Before Obama AIPAC speech, Pro-Hamas graffiti suggests violence

Rebecca Cusey Contributor
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Graffiti reading “Victory to the Taliban,” “Victory to Hamas” and the word “Jihad” written inside a rocket appeared overnight on sidewalks outside the downtown Washington, D.C. convention center where President Barack Obama spoke to the American Israel Public Affairs Committee (AIPAC) Sunday.

A trail of graffiti down 7th Street between K and N Streets included the image of a rocket flying through the air with the word “Qassam.” Named after a militant 20th-century Syrian preacher, a Qassam is a rocket preferred by the military arm of Hamas to hit Israeli targets.

Other graffiti said “Victory to Hezballah” and “Victory to Iran,” along with the word “AIPAC” crossed out. Some of the pictures showed rockets striking the word AIPAC.

Some of the roughly 200 protesters who gathered at the convention center to decry the pro-Israel AIPAC gathering condemned the graffiti. Several of the protesters were self-described members of the group Occupy AIPAC.

“I have no idea what this is. I saw these last night. I can assure you none of the people here at Occupy share this sentiment,” said protester Alli McCracken.

“If anything, this is just someone doing this to make us look bad. Last night, we were walking here and we were like, ‘This is crazy, they’re framing us!’ Everyone here is pro-peace, not pro-terrorist groups.”

Palestinian protesters also denied that the graffiti represent their views and hinted at a conspiracy.

“Oh no. We won’t say anything related to that,” said Palestinian protester Rajai Dias. “That’s not something that anyone in our organization wants to do. That wasn’t any supporters from here.”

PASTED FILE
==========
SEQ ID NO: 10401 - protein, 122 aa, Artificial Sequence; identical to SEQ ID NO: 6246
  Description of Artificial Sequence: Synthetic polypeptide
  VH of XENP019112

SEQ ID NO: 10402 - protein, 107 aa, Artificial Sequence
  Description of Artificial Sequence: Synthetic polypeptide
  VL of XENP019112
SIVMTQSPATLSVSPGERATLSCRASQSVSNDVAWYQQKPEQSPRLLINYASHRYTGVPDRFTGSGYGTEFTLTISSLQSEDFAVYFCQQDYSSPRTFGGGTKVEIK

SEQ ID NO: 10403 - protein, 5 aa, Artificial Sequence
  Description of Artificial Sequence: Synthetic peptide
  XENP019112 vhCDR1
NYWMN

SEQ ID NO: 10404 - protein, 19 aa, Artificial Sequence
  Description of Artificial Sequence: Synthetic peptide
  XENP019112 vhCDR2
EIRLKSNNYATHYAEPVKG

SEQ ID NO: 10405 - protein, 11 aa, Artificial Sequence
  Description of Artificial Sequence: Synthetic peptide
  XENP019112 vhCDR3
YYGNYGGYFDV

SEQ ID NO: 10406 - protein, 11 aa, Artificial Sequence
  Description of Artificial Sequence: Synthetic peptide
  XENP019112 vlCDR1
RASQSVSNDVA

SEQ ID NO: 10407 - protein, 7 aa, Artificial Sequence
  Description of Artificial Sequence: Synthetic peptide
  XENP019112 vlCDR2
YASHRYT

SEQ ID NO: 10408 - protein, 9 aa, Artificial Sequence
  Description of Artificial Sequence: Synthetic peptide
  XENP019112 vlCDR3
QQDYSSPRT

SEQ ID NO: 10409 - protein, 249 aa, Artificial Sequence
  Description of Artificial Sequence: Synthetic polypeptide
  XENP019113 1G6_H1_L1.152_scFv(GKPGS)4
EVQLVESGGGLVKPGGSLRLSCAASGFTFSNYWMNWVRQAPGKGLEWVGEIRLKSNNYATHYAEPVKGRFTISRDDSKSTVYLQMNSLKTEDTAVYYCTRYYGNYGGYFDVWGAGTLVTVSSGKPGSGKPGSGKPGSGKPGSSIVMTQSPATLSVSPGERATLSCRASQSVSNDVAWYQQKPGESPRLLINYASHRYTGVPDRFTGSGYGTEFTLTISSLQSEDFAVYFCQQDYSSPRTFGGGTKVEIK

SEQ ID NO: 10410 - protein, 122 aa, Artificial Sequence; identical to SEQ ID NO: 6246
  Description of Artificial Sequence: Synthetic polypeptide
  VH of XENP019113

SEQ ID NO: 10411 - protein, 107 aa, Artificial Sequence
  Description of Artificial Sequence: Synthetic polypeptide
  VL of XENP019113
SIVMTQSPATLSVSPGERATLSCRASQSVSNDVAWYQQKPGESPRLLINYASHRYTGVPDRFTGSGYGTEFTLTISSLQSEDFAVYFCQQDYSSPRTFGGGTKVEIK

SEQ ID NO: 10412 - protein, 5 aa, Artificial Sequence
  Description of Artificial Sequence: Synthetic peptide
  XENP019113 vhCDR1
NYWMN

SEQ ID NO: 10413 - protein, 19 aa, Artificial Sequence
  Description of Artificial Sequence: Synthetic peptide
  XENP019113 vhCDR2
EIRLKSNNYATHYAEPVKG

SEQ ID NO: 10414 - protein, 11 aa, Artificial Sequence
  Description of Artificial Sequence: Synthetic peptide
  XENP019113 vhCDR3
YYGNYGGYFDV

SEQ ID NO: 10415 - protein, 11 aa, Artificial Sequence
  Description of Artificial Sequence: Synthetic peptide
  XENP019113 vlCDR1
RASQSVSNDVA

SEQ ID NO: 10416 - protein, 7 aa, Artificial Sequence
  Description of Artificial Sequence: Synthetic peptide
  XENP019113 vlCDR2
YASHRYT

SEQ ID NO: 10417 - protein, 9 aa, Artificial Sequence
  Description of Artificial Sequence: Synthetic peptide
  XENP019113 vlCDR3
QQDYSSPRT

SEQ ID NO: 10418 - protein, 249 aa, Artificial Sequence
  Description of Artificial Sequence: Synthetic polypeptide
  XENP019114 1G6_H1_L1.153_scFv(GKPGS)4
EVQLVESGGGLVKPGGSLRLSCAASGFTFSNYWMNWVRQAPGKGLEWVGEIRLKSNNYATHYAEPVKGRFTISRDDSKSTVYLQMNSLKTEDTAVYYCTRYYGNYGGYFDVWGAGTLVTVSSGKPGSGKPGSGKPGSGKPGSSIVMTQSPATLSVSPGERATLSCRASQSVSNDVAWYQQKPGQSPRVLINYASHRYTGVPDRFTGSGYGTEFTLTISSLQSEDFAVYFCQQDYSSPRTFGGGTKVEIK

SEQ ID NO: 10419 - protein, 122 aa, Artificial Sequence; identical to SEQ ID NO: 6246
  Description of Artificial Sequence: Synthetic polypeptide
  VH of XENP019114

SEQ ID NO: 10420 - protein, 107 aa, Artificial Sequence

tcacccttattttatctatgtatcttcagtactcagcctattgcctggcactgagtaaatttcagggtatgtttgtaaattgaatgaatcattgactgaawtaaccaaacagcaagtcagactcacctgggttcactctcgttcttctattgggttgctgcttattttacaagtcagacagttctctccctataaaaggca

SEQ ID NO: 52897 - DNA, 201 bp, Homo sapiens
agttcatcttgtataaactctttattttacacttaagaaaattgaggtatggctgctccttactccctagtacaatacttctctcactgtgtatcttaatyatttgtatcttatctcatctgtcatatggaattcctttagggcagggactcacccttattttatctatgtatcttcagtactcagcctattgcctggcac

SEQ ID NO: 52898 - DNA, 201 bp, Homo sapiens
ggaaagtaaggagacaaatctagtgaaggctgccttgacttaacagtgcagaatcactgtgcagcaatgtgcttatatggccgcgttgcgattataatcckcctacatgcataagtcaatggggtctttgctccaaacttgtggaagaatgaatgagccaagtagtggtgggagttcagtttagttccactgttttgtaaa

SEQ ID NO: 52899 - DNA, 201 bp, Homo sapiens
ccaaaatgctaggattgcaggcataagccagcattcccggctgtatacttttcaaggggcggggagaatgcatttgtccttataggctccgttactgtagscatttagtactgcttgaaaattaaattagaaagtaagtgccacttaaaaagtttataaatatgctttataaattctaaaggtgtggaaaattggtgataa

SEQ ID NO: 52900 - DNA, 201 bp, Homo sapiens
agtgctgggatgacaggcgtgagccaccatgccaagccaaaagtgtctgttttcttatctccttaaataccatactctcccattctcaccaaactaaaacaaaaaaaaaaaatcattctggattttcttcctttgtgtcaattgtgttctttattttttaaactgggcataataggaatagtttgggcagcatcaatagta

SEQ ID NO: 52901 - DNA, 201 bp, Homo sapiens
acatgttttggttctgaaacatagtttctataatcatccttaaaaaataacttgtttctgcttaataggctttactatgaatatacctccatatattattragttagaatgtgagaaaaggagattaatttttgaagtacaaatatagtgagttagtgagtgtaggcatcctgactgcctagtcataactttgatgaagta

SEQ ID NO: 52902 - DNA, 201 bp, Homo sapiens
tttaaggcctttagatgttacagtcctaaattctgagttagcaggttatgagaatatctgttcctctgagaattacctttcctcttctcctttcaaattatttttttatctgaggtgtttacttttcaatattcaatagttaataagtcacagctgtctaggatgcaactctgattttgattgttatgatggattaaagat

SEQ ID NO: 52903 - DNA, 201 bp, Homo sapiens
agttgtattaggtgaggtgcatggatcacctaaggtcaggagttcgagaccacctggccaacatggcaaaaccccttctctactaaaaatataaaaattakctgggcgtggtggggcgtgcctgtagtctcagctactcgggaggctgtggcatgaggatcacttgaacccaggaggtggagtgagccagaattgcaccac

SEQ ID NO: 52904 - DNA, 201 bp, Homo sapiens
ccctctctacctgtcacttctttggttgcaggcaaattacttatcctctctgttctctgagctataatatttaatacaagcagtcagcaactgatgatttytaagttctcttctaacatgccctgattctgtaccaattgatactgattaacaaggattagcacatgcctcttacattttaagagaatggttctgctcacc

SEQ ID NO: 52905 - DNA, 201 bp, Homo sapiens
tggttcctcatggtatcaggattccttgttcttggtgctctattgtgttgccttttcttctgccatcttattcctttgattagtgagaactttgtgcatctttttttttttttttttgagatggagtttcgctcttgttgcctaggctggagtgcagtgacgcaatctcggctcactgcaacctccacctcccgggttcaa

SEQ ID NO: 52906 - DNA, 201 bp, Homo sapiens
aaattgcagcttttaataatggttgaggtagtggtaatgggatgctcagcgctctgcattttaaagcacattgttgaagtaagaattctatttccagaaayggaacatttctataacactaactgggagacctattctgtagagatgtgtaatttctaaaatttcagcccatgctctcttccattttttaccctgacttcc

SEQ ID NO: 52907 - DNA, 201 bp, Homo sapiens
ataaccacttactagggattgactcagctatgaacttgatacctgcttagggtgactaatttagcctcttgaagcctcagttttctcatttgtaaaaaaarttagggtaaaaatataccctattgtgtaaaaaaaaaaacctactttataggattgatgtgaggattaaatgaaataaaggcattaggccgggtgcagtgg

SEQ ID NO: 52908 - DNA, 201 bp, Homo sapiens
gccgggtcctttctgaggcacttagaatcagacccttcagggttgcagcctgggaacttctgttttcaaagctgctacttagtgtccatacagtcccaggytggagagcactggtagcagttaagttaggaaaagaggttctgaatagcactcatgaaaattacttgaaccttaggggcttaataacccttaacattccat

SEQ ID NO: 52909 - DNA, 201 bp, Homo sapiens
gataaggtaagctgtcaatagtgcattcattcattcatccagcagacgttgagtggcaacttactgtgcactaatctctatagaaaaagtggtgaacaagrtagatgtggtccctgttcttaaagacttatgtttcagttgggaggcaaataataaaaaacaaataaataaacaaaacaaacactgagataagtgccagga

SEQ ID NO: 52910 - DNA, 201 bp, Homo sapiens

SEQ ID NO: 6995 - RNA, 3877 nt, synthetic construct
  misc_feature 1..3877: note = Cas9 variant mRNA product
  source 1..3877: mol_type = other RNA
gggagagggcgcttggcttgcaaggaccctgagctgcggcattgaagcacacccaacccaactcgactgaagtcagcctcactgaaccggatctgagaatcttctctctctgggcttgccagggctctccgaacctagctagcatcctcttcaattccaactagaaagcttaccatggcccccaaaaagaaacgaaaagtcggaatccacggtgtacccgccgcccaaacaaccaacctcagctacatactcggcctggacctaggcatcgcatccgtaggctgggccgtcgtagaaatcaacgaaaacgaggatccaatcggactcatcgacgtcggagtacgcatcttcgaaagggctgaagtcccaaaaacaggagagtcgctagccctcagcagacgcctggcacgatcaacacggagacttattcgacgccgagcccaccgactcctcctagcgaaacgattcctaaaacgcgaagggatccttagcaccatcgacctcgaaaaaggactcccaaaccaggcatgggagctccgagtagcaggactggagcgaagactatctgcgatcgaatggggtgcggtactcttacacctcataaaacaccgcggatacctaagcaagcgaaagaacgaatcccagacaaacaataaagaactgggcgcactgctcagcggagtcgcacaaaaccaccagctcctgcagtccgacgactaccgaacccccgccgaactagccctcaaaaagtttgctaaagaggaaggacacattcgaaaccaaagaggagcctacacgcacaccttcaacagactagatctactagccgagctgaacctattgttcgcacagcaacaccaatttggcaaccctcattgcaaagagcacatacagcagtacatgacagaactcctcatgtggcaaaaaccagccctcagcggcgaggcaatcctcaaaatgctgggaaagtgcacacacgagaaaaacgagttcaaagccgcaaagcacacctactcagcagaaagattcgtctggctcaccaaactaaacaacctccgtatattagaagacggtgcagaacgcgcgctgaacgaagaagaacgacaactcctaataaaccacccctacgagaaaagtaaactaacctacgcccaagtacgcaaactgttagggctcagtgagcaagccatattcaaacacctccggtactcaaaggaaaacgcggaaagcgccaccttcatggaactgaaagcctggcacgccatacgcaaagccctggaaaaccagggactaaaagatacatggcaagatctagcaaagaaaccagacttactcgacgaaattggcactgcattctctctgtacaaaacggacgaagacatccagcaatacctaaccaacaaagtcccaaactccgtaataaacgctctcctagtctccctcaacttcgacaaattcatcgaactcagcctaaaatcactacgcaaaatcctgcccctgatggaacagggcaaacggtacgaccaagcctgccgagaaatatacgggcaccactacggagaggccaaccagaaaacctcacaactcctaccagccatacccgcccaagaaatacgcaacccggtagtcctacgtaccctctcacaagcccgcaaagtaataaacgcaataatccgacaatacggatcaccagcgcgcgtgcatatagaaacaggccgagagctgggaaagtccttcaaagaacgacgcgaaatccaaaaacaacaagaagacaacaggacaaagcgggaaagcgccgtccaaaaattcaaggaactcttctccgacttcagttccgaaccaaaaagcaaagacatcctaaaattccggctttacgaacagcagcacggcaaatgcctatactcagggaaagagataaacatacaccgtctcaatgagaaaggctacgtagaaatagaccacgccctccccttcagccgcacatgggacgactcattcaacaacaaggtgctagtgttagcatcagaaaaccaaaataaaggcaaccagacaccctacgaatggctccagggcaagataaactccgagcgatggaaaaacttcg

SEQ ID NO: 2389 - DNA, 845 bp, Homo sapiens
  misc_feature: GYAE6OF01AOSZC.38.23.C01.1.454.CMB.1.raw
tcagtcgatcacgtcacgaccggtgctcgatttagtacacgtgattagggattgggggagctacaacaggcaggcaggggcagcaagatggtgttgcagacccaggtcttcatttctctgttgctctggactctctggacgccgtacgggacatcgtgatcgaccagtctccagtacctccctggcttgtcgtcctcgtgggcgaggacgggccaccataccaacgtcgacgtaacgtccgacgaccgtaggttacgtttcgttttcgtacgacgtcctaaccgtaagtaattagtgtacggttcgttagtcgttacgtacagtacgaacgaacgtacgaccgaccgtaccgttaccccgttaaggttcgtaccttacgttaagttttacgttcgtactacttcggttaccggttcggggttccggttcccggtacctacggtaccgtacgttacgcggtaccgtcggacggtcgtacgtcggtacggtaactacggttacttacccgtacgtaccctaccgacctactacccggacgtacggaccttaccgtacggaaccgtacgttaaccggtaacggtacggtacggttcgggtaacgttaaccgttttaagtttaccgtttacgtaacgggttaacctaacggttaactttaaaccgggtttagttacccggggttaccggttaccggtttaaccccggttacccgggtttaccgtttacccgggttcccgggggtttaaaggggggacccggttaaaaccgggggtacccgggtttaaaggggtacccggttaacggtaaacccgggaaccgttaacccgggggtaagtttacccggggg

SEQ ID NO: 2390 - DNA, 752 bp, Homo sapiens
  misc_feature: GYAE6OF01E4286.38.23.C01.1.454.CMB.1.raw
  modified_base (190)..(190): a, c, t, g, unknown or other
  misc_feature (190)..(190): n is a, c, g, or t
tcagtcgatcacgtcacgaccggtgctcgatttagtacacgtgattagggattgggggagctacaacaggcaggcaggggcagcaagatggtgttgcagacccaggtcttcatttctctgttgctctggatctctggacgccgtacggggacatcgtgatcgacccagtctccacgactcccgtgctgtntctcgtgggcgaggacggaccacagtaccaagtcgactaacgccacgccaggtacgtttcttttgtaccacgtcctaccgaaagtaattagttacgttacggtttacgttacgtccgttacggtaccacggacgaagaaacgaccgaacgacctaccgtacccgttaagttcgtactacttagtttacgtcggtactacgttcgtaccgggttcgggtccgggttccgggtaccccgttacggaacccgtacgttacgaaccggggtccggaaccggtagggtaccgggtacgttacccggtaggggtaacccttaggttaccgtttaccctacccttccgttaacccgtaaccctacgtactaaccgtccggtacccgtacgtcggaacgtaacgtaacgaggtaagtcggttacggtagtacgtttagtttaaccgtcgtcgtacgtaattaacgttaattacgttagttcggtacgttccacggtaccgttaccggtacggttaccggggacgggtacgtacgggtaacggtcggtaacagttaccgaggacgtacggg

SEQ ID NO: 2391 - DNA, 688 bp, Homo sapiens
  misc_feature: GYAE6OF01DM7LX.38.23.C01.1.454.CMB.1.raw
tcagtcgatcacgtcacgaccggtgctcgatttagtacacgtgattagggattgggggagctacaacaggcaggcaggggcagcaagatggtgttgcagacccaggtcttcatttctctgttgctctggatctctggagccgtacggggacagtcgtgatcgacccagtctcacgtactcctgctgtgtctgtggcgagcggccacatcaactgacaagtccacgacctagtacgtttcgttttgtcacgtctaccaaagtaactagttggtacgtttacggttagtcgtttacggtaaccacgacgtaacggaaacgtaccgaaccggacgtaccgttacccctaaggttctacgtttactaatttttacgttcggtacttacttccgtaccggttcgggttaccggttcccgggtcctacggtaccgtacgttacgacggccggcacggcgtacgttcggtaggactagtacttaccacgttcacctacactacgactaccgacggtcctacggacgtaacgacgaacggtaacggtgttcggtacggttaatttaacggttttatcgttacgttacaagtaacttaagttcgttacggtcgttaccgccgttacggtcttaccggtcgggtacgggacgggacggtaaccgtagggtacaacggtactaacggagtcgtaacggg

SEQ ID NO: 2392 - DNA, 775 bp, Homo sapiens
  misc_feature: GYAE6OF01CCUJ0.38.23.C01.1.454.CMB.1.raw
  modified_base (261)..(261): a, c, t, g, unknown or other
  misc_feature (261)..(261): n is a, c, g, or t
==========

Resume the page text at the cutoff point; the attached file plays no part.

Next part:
Dias noted that none of the messages were written in Arabic.

“Clearly, if it was from them, they don’t know Arabic. Hamas and Palestinians don’t even bomb Israel. They lie so much,” Dias said, pointing at the convention center where AIPAC was scheduled to be held.

“[They say] thousands of homemade rockets are flying into Israel. It’s from their government trying to make their citizens scared so they can justify their occupation and the apartheid wall,” Dias continued.

“There’s a fringe group of people in this country and around the world who believe that … Hezbollah using rocket attacks on Israeli civilians is a good thing,” said Daniel Riley, who identified himself as a Muslim protesting with Occupy D.C.

“I, for one, don’t agree with that. I don’t think it helps bring about peace in the Middle East, especially between Israelis and Palestinians. I understand the desperation that leads people to believe that launching rockets off is a good idea, but I don’t think it really solves anything.”

AIPAC attendees walking a gauntlet through protesters and police declined to comment on the graffiti, but one man in a yarmulke and prayer shawl shrugged his shoulders and waved his hands as if to say, “What can you do?”

AIPAC’s press officer did not immediately reply to requests for comments.

Security was tight around the convention center at 10 a.m. as the crowd of protesters grew larger and police prepared for Obama’s arrival.

But despite the apparent disapproval of many protesters and a significant police presence, the graffiti writer appeared to continue working unabated. At 10:30 a.m., there were fresh messages of “Victory to Hamas” and “Victory to the Taliban” on the corner of N and 7th Streets, which had been clear just an hour earlier.

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